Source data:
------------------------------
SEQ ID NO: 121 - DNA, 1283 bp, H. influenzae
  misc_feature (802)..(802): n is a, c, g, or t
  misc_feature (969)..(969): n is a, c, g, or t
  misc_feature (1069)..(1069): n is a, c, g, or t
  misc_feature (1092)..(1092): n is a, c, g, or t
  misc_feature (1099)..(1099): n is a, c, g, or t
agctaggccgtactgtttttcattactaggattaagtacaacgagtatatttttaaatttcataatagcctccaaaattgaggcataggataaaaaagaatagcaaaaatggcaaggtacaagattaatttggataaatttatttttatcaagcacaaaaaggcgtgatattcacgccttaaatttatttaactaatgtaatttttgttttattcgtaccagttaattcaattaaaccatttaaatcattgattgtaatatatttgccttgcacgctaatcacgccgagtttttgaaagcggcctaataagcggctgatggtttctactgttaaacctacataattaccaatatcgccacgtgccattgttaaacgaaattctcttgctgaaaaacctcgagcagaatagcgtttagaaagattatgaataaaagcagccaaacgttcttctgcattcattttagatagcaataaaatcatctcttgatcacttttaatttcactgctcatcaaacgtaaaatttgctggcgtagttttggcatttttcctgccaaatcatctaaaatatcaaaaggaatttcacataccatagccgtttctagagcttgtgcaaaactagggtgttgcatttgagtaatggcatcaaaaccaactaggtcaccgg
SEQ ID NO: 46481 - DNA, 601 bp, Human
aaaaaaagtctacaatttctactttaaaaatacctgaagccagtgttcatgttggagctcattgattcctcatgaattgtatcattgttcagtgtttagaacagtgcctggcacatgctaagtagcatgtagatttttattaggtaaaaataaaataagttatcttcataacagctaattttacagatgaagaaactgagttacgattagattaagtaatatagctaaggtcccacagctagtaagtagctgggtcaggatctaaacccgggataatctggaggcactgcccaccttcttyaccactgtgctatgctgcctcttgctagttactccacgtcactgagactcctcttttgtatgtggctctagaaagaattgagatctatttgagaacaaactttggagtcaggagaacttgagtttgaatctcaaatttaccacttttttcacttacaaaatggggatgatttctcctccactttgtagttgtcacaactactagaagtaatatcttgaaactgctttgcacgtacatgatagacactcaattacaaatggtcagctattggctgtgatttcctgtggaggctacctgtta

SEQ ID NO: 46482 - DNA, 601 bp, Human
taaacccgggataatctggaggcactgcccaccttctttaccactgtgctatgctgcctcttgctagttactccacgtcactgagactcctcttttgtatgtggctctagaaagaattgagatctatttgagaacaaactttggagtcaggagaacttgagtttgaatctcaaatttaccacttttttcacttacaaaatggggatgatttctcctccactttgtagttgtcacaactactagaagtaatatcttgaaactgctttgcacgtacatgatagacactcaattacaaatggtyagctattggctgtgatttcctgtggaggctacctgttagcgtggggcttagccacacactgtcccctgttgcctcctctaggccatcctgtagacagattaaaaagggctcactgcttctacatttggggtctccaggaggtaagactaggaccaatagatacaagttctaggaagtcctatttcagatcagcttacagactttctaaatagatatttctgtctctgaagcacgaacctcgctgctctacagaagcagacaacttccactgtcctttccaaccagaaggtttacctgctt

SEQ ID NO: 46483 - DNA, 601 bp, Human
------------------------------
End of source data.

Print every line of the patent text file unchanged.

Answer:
SEQ ID NO: 121 - DNA, 1283 bp, H. influenzae
  misc_feature (802)..(802): n is a, c, g, or t
  misc_feature (969)..(969): n is a, c, g, or t
  misc_feature (1069)..(1069): n is a, c, g, or t
  misc_feature (1092)..(1092): n is a, c, g, or t
  misc_feature (1099)..(1099): n is a, c, g, or t
agctaggccgtactgtttttcattactaggattaagtacaacgagtatatttttaaatttcataatagcctccaaaattgaggcataggataaaaaagaatagcaaaaatggcaaggtacaagattaatttggataaatttatttttatcaagcacaaaaaggcgtgatattcacgccttaaatttatttaactaatgtaatttttgttttattcgtaccagttaattcaattaaaccatttaaatcattgattgtaatatatttgccttgcacgctaatcacgccgagtttttgaaagcggcctaataagcggctgatggtttctactgttaaacctacataattaccaatatcgccacgtgccattgttaaacgaaattctcttgctgaaaaacctcgagcagaatagcgtttagaaagattatgaataaaagcagccaaacgttcttctgcattcattttagatagcaataaaatcatctcttgatcacttttaatttcactgctcatcaaacgtaaaatttgctggcgtagttttggcatttttcctgccaaatcatctaaaatatcaaaaggaatttcacataccatagccgtttctagagcttgtgcaaaactagggtgttgcatttgagtaatggcatcaaaaccaactaggtcaccgg
SEQ ID NO: 46481 - DNA, 601 bp, Human
aaaaaaagtctacaatttctactttaaaaatacctgaagccagtgttcatgttggagctcattgattcctcatgaattgtatcattgttcagtgtttagaacagtgcctggcacatgctaagtagcatgtagatttttattaggtaaaaataaaataagttatcttcataacagctaattttacagatgaagaaactgagttacgattagattaagtaatatagctaaggtcccacagctagtaagtagctgggtcaggatctaaacccgggataatctggaggcactgcccaccttcttyaccactgtgctatgctgcctcttgctagttactccacgtcactgagactcctcttttgtatgtggctctagaaagaattgagatctatttgagaacaaactttggagtcaggagaacttgagtttgaatctcaaatttaccacttttttcacttacaaaatggggatgatttctcctccactttgtagttgtcacaactactagaagtaatatcttgaaactgctttgcacgtacatgatagacactcaattacaaatggtcagctattggctgtgatttcctgtggaggctacctgtta

SEQ ID NO: 46482 - DNA, 601 bp, Human
taaacccgggataatctggaggcactgcccaccttctttaccactgtgctatgctgcctcttgctagttactccacgtcactgagactcctcttttgtatgtggctctagaaagaattgagatctatttgagaacaaactttggagtcaggagaacttgagtttgaatctcaaatttaccacttttttcacttacaaaatggggatgatttctcctccactttgtagttgtcacaactactagaagtaatatcttgaaactgctttgcacgtacatgatagacactcaattacaaatggtyagctattggctgtgatttcctgtggaggctacctgttagcgtggggcttagccacacactgtcccctgttgcctcctctaggccatcctgtagacagattaaaaagggctcactgcttctacatttggggtctccaggaggtaagactaggaccaatagatacaagttctaggaagtcctatttcagatcagcttacagactttctaaatagatatttctgtctctgaagcacgaacctcgctgctctacagaagcagacaacttccactgtcctttccaaccagaaggtttacctgctt

SEQ ID NO: 46483 - DNA, 601 bp, Human